remote

Comcast’s Xfinity remote could have been attacked by hackers

Comcast’s Xfinity X11 remote—which features a much-touted voice control feature—had a security flaw that could have theoretically let a hacker use the device to bug your living room. That scary scenario has been ended thanks to the Philadelphia-based cable giant’s fix of a vulnerability discovered by outside researchers.

The flaw that the Boston- and Tel Aviv-based security firm Guardicore reported to Comcast would have let an attacker outside a target’s home silently install custom firmware on the remote that would force it to record audio surreptitiously and stream it back to the attacker.

As Guardicore’s report explains at length, this would not have been a quick or easy trick. But this bullet we appear to have dodged should provide yet another reason to be wary of connected gadgets with microphones. Guardicore was able to pull off this exploit by chaining together a series of weak points in the XR11 remote that Comcast introduced in 2015:

  • The XR11 used a longer-range radio-frequency link instead of infrared, because only RF would provide enough bandwidth for voice control.
  • Although the remote is supposed to listen only when you press on its blue microphone button, there’s no physical switch ensuring that, just software.
  • The encryption meant to protect the remote’s communication with a Comcast X1 box didn’t operate all the time, including when cryptography should have safeguarded the remote’s software updates.
  • That X1 box is supposed to be the only device the remote control talks to, but sending it junk data over the same radio-frequency link could crash the software component that manages the connections.

The Guardicore researchers eventually proved that they could take over a remote from about 65 feet away, potentially allowing an attack from a sidewalk outside someone’s home. They could command the remote to start capturing audio and then stream

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Corona-fied: Employers are now spying on remote workers in their homes

The future of work is here, ushered in by a global pandemic. But is it turning employment into a Worker’s Paradise of working at home? Or more of a Big Brother panopticon?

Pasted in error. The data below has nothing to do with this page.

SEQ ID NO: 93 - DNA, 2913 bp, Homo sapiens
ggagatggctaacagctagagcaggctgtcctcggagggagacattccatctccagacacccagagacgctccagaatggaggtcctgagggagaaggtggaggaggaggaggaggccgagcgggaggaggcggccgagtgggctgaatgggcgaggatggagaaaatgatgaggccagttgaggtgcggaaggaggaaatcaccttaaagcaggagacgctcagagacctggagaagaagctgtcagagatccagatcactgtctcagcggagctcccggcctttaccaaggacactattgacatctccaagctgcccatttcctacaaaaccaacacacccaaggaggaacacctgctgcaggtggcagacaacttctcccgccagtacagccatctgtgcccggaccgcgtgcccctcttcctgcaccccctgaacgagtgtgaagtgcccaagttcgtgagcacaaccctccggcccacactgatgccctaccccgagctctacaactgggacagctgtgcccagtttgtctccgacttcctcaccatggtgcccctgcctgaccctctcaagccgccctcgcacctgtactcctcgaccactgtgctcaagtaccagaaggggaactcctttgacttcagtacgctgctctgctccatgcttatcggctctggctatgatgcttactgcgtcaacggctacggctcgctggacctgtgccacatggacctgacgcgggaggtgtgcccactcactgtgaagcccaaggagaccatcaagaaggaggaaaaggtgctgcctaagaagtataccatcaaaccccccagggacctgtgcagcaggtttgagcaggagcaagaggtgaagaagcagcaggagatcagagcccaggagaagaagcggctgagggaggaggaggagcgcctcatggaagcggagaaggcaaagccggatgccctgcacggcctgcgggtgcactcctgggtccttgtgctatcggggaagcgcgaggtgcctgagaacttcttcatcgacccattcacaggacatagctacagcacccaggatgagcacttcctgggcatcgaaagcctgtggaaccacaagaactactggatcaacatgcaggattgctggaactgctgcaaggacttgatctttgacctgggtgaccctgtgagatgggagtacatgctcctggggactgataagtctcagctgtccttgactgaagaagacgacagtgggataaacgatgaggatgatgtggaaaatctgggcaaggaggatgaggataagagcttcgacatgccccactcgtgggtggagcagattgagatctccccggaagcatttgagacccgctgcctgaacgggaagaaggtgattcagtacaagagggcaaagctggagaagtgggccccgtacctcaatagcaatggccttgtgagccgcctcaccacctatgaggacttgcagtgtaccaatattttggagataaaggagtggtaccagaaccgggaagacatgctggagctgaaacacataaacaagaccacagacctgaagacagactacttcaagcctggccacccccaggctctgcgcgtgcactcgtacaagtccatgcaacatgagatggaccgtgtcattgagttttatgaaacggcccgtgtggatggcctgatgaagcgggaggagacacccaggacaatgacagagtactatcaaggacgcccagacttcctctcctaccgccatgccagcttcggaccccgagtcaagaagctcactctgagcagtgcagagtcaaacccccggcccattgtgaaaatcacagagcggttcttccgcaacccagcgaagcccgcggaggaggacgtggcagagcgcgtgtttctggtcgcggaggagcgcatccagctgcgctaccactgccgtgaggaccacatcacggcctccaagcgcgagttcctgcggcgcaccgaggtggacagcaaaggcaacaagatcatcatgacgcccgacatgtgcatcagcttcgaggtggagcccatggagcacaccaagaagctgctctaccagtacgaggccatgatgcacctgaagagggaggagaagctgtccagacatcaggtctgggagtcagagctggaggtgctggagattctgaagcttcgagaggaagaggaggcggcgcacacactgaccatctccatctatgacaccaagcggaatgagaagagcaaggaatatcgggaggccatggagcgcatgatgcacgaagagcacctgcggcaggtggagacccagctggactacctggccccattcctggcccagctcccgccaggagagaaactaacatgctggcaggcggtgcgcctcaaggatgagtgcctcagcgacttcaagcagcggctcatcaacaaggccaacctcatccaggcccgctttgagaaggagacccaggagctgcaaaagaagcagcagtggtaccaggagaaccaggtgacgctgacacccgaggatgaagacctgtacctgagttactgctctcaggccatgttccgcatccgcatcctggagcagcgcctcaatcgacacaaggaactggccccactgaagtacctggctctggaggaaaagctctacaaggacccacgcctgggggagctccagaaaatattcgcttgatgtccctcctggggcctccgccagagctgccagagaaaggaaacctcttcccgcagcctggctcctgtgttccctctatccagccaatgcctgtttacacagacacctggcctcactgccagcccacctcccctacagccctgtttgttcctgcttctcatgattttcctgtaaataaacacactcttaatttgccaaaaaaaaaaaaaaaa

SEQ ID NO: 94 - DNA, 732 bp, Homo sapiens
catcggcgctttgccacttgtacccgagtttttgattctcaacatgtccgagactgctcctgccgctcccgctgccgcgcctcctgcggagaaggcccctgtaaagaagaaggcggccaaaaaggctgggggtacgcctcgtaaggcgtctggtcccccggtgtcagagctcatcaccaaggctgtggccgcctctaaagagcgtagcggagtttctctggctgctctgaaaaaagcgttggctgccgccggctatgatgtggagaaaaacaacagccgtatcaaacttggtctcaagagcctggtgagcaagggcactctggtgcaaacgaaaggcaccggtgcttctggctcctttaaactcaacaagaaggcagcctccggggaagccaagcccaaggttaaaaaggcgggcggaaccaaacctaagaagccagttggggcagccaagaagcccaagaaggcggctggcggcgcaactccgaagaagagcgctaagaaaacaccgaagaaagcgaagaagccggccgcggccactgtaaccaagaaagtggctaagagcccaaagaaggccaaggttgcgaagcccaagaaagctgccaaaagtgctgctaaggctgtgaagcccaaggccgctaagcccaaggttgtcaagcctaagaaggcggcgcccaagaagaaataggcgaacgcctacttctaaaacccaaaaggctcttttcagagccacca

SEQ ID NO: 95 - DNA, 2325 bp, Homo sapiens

Disturbing increases in the use of digital surveillance technologies by employers to monitor their remote workers are raising alarm bells. With the number of remote workers surging as a result of the pandemic—42 percent of U.S. workers are now doing their jobs from their kitchens, living rooms, and home offices—a number of employers have begun requiring their workers to download spying software to their laptops and smartphones. The goal is for businesses to monitor what their remote employees do all day, to track job performance and productivity, and to reduce so-called “cyber-slacking.”

Business software products from Hubstaff, which tracks a worker’s mouse movements, keyboard strokes, webpages visited, email, file transfers and applications used, are surging in sales. So are sales for TSheets, which workers download to their smartphones so that employers can track their location. Another product, called Time Doctor, “downloads videos of employees’ screens” and uses “a computer’s webcam to take a picture of the employee every 10 minutes,” NPR reports. One employee told NPR, “If you’re idle for a few minutes, if you go to the bathroom or… [to the kitchen], a pop-up will come up and it’ll say, ‘You have 60 seconds to start working again or we’re going to pause your time.'”

Another system, InterGuard, can be secretly installed on workers’ computers. The Washington Post reports that it “creates a minute-by-minute timeline of every app and website they view, categorizing each as ‘productive’ or ‘unproductive’ and ranking workers by their ‘productivity score.'” Other employers are using a lower-tech approach, requiring workers to stay logged in to a teleconference service like Zoom all day so

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